Sunday, 24 April 2011

Terrace Travels #9: Dunfermline Athletic 2 - 1 Raith Rovers

Click here or read below for my experience of one of the biggest Fife derbies in living memory between Dunfermline Athletic and Raith Rovers. It was published on The Terrace Scottish Football website.

Saturday 23rd April 2011 


Dunfermline Athletic 2 v 1 Raith Rovers

Raith started Saturday just one point behind their table-topping rivals Dunfermline Athletic with two games still remaining, making this Fife derby a crunch match of epic proportions. East End Park was packed to the rafters and The Terrace’s very own Will Lyon was there to see it.

The Norrie McCathie Stand
Nerves had been experienced by Raith fans in the build up to their Scottish Cup semi final against Dundee United last season, but this was different. Tickets sold faster than Usain Bolt on speed and it soon emerged that East End Park would be sold out for the first time in well over a decade. During the week leading up to the match, endless hours were spent scouring youtube for previous derby-day delights and my university revision brainstorms turned into doodles of Gregory Tade lashing home thirty-yard screamers.
Following a week of procrastination, derby day finally dawned. After the last fixture at East End Park was delayed by twenty minutes due to crowd congestion, Rovers fans this time made their way into the East Stand with plenty of time to spare. My dad and I found ourselves standing by our seats a full hour before kickoff and much to our amazement, so were another thousand Raith fans, already in full song.
Across to our right in the North East stand were some youngsters dressed in full tracksuits, some complemented by black and white scarves, who were only too happy to remind us that “we f*cking hate you, you're just a wee team.” The large choir of Raith fans hit back, informing the young team that we do not particularly like their team either.
The 'Cage' at East End Park
The atmosphere continued to simmer quite nicely for the next fifteen minutes. The teams emerged for their warm up and the songs continued to flow, with the visiting fans exchanging applause with their players who ventured near the stand from time to time. Meanwhile the young team in the North East stand decided to do the 'Poznan', turning their backs to the pitch and jumping in unison whilst singing “Ole, ole, ole, ole, the Pars, the Pars”. Raith fans once again retaliated, changing the lyrics rather intelligently to “Ole, ole, ole, ole, f*ck the Pars, f*ck the Pars”. Yes, we football fans are among the best thinkers of the world.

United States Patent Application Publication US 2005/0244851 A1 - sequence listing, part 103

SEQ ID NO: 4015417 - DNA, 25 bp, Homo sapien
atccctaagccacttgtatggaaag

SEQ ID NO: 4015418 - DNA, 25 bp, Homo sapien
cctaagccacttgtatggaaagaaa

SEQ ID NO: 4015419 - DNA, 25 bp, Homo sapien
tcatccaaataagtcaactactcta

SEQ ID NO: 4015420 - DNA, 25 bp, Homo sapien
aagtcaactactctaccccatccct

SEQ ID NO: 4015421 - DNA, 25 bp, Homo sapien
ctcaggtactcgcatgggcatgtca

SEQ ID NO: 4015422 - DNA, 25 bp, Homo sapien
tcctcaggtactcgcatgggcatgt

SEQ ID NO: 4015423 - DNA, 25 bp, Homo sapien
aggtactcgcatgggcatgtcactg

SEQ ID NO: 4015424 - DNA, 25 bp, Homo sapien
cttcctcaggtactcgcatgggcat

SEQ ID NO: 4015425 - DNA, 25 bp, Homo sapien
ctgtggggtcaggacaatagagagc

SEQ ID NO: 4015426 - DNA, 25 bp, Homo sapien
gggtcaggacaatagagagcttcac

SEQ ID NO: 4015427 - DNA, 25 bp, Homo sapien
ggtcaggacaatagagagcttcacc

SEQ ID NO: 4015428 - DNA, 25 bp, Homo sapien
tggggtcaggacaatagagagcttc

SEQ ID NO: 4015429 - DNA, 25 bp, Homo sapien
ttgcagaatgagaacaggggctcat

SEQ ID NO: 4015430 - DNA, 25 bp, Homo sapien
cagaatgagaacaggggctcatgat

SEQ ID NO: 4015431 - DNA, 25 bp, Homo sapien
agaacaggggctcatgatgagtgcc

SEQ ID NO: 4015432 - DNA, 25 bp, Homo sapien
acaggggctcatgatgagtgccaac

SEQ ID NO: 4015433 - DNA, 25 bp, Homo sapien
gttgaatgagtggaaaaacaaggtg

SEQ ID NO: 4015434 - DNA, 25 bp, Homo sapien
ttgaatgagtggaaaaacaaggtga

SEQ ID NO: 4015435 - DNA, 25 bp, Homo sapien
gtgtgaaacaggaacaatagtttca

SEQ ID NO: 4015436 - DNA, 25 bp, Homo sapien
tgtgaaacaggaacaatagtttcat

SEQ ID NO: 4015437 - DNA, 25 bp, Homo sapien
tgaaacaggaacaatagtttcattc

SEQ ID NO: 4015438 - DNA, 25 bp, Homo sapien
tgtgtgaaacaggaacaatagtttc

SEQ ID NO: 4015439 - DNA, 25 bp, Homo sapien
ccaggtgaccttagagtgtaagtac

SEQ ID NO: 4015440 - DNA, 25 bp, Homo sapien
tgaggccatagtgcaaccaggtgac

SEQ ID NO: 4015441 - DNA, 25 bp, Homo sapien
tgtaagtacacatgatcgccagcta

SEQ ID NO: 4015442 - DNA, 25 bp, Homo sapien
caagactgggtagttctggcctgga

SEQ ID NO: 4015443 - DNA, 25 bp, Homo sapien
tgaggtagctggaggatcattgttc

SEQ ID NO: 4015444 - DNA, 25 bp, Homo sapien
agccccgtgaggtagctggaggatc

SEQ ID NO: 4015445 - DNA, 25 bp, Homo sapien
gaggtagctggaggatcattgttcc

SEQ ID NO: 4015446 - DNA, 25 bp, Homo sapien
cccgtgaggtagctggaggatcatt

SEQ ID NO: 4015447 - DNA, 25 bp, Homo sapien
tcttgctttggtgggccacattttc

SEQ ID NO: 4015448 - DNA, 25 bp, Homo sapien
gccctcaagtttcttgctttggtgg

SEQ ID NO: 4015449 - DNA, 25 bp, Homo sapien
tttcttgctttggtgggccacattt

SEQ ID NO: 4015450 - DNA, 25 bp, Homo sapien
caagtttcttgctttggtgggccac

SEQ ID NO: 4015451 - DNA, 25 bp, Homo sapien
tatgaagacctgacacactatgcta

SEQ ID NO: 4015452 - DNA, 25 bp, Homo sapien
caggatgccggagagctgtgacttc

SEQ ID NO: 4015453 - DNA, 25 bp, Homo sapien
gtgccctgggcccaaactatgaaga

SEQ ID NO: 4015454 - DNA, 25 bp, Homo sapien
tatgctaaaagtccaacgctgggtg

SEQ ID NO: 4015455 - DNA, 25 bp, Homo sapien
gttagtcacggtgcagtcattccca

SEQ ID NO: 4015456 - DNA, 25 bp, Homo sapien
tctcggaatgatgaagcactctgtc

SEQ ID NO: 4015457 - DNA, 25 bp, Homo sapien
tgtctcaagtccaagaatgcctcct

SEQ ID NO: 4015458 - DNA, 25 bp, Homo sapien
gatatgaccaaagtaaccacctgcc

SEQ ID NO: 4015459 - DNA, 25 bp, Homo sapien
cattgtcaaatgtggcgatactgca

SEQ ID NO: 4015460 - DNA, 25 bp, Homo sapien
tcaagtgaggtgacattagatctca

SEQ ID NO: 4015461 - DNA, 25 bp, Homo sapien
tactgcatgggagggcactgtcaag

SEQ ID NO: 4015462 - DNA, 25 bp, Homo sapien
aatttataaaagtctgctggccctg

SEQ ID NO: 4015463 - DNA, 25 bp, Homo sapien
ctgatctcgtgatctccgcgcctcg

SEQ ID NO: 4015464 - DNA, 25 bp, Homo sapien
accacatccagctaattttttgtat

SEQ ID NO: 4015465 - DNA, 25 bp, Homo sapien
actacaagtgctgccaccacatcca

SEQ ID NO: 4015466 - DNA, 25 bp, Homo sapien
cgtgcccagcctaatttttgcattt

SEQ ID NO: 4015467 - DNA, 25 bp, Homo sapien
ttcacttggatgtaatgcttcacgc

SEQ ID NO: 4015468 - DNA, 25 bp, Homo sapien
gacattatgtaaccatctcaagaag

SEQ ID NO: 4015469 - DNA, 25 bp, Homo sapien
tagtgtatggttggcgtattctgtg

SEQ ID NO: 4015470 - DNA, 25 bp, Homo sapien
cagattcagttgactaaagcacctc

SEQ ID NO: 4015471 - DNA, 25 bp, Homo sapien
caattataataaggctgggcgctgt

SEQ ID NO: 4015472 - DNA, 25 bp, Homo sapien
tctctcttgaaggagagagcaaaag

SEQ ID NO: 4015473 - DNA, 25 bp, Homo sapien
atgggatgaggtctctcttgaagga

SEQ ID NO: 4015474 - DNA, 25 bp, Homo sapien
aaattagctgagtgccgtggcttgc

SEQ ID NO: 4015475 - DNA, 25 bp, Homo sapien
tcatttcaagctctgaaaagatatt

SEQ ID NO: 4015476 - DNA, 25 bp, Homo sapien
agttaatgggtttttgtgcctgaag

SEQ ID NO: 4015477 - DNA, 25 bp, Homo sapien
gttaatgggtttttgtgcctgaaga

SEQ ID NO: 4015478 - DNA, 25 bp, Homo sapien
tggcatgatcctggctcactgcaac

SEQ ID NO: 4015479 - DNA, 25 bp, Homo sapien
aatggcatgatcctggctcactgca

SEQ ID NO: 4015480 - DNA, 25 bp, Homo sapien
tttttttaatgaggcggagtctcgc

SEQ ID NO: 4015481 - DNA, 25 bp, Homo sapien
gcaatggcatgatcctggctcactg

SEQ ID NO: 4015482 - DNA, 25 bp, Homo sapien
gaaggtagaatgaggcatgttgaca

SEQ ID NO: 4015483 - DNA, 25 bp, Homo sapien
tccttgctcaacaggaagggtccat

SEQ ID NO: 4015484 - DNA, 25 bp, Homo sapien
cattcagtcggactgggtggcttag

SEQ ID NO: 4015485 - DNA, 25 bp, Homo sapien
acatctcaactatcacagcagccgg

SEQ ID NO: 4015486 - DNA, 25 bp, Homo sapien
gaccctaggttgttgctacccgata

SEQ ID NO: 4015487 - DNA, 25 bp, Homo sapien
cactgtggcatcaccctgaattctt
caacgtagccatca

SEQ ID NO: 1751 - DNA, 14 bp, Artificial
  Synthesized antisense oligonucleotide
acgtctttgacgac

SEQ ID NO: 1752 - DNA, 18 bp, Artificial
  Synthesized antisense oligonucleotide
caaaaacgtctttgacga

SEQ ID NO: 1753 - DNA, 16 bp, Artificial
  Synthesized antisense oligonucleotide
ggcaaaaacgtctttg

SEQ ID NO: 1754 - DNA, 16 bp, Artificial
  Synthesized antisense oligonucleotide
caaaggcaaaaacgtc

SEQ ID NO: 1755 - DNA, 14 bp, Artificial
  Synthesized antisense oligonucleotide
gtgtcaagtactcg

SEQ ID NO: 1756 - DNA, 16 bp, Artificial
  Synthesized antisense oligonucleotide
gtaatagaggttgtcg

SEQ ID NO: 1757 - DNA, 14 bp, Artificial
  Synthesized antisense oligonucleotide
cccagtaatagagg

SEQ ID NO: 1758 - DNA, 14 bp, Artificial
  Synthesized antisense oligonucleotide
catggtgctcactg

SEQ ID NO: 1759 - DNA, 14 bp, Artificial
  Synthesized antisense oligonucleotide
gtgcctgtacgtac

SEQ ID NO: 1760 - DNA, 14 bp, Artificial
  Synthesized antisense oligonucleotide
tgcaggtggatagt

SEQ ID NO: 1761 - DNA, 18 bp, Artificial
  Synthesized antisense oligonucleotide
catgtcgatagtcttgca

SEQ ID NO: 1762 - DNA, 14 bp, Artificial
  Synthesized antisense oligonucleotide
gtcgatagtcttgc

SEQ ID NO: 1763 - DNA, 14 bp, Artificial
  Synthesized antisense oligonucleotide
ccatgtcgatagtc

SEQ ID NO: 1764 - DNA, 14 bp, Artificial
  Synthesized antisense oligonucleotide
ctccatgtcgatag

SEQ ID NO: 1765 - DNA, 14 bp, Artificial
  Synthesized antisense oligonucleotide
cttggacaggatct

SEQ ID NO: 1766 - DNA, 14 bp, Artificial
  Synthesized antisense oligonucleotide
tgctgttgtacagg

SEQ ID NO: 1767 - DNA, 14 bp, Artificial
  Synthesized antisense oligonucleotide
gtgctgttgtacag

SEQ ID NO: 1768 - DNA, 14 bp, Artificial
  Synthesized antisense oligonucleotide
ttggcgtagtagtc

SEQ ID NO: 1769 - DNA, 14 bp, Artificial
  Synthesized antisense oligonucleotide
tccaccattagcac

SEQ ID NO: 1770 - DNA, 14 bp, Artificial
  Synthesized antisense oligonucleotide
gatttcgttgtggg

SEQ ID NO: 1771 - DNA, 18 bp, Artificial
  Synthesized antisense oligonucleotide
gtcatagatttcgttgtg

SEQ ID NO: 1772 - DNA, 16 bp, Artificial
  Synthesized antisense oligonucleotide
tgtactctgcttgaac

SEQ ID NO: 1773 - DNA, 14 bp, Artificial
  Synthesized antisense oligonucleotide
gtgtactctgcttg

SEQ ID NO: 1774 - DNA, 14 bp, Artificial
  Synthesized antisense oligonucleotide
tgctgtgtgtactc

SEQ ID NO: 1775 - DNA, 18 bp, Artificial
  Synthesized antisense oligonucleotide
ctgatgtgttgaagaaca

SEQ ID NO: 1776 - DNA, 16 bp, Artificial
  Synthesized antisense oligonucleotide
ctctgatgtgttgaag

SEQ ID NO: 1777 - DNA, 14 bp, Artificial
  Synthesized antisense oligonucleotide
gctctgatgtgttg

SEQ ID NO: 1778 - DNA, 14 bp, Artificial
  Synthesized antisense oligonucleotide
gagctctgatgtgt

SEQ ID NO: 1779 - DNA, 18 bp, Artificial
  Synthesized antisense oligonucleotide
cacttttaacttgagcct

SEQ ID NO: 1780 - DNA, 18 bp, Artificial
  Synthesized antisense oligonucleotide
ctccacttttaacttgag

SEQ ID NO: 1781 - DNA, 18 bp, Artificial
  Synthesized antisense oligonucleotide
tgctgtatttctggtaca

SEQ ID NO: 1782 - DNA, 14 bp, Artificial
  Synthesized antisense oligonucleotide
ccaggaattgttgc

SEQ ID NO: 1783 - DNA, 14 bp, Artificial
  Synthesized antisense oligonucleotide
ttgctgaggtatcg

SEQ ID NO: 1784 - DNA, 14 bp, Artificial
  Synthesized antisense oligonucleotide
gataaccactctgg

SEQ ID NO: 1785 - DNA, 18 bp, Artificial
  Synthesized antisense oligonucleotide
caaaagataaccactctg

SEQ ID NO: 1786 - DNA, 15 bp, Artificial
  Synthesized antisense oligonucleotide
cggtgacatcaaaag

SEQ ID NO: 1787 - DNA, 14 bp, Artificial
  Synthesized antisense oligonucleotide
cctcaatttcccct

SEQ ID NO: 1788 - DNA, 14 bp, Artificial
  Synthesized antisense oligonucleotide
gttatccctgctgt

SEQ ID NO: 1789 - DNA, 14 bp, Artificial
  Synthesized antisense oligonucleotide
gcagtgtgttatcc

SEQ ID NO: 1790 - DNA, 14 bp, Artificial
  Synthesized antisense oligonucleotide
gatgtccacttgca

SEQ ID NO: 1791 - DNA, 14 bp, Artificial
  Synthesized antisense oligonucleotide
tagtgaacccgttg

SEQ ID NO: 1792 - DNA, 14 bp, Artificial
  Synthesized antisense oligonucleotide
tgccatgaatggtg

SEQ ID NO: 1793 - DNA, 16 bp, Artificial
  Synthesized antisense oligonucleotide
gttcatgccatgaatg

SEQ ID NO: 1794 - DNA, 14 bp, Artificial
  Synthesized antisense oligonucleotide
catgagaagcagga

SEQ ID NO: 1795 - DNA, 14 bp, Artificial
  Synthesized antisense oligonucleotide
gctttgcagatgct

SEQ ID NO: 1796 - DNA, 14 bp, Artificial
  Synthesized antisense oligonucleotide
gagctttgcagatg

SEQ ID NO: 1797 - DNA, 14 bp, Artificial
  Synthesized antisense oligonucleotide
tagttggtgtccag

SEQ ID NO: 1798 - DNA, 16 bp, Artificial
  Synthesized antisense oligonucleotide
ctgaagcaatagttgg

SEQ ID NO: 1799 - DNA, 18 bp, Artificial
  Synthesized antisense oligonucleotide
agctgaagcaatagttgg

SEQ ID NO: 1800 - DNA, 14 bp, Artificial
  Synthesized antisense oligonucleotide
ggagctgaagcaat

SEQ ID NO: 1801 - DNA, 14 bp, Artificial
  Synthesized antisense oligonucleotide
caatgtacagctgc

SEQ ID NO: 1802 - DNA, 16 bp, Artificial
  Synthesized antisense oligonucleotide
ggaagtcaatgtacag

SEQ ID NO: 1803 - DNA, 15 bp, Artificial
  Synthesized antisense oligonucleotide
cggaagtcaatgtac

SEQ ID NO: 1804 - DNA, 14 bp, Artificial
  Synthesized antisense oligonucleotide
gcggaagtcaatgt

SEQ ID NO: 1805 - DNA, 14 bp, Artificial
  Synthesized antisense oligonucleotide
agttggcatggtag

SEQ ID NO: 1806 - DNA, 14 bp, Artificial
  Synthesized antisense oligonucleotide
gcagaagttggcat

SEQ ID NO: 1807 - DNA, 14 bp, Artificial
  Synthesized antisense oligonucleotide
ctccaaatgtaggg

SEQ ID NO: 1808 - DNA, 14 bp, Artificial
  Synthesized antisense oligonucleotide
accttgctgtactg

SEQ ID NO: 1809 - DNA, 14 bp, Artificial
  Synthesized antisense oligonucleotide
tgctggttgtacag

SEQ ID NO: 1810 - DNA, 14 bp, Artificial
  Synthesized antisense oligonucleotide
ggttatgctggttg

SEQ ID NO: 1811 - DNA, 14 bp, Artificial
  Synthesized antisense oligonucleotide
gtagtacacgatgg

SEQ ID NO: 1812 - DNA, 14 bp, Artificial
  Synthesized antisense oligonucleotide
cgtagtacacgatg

The players strode off the pitch with about ten minutes to kickoff and on came the rather strangely dressed 'Sammy the Tammy' – the Pars mascot. Sammy appeared to be wearing some sort of cardboard box, sporting – as one fan gleefully turned around and claimed - “a cardboard cock!” Sammy sat down at the halfway line, aiming his “cardboard cock” at the away end. It was only when he started swaying from side-to-side accompanied by the sound of machine gun fire over the tannoy, we realised that Sammy the Tammy had become 'Sammy, Tank Commander' and was pretending to shoot the Raith fans. One wonders what sort of uproar this would have instigated had the same activity unfolded at an Old Firm derby...
Raith fans in the away end
Scotland's “number one mascot” soon departed the pitch as the teams entered the arena from the dressing rooms, taking up their positions. Rain had pounded down onto the pitch before the match and it was no surprise that along with nerves, there were numerous miscontrolled passes and awful touches in the opening stages.
However, Dunfermline began to master the conditions far better than the visitors and should have taken the lead early on when player-of-the-year candidate Andy Kirk smashed a shot off the bar. Despite the Pars complete control of the game, they went in at the break a goal down. Goalkeeper Chris Smith failed to grasp a fairly innocuous looking shot and John Baird (another player-of-the-year candidate) pounced on the mistake and smashed the ball into the net.
The second half was actually a more tightly-contested affair, but Dunfermline equalised ten minutes after the restart with 'Big, Bad, Mental,' Martin Hardie heading in from close range following a corner.
The Pars scored the winning goal twelve minutes from time. Hibs loanee Kevin McBride needlessly conceded a freekick on the edge of the Raith box and Hardie took advantage, stepping up and curling the ball into the top corner of the Rovers goal.
The Main Stand at East End Park
Some of the away fans began to filter out of the stadium as the final minutes ticked by, simply unable to bear watching the Pars effectively clinching the title.
At the full time whistle there appeared to be some sort of altercation between Dunfermline's David Graham and Raith's Allan Walker, but they were separated before either player could land a blow.
The Pars fans sang their hearts out as their heroes proudly strutted off the park and before the remaining Raith fans fled the ground, they gave a standing ovation to their players, recognising just how far the club have come since sitting second bottom of the Second Division just over four years ago.
Looking back, the build up to the match was utterly fantastic and with the nerves and emotion during the game, it was possibly the quickest ninety minutes of my life. It is now ninety minutes that I hope to forget.
written by Will Lyon

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